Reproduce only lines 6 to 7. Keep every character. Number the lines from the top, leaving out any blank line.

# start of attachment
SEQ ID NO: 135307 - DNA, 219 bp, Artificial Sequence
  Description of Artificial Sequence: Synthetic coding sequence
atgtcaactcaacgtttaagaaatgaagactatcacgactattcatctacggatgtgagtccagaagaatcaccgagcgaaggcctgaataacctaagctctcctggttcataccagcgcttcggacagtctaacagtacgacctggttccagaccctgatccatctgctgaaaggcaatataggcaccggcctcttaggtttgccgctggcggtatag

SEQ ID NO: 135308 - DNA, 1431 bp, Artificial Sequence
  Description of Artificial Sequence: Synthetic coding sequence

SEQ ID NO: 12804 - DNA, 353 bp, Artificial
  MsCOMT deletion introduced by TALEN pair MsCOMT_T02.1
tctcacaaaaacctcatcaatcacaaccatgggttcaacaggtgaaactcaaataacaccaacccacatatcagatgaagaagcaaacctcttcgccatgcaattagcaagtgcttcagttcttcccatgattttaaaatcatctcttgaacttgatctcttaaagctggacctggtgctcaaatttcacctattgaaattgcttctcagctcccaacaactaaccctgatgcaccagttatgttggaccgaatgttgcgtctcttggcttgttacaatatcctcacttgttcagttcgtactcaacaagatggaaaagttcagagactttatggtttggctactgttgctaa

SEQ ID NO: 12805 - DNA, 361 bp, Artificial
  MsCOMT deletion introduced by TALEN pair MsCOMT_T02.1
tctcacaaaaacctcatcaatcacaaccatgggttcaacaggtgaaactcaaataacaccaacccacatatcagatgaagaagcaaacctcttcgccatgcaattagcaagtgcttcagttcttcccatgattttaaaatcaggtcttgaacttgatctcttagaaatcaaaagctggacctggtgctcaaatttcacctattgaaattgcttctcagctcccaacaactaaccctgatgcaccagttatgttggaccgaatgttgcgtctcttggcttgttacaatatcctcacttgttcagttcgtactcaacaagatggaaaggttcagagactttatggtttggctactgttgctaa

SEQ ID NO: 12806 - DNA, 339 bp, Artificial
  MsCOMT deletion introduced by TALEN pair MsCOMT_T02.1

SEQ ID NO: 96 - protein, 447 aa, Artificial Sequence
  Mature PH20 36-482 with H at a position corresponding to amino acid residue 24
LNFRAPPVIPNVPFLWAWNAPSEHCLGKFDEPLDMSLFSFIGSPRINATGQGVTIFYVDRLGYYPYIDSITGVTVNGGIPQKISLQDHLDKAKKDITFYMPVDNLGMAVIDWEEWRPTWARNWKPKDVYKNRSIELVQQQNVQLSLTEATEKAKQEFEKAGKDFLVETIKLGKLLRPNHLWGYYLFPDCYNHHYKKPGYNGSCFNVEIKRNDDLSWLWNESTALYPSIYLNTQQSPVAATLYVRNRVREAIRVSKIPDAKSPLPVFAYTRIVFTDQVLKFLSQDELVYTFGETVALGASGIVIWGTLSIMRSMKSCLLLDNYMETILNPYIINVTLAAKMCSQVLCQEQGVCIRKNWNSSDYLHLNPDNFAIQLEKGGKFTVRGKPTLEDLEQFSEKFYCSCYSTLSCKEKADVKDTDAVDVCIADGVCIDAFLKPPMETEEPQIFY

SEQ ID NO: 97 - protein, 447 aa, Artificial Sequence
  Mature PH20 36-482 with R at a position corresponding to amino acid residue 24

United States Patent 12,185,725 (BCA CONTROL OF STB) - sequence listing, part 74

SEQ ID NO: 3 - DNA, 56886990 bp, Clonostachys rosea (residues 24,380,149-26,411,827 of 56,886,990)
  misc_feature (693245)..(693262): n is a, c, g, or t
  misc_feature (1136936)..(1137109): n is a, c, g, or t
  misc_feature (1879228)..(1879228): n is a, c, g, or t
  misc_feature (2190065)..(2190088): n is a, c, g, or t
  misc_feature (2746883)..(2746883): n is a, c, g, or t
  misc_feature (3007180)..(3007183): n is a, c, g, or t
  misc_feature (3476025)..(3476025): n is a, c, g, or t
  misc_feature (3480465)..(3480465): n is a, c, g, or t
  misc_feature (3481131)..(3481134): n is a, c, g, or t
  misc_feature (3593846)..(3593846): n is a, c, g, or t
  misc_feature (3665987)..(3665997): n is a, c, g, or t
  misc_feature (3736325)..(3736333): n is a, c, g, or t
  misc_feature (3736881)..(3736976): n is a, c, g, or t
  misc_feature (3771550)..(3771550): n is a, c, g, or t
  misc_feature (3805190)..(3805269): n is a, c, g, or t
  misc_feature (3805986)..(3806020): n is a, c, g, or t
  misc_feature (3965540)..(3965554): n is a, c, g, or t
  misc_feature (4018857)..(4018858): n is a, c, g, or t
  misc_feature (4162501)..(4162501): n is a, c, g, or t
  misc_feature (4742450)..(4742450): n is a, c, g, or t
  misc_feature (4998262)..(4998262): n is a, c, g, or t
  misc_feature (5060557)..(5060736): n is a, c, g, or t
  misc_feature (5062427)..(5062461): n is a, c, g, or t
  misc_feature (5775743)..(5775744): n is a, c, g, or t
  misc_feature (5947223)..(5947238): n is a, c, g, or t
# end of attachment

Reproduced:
SEQ ID NO: 12804 - DNA, 353 bp, Artificial
  MsCOMT deletion introduced by TALEN pair MsCOMT_T02.1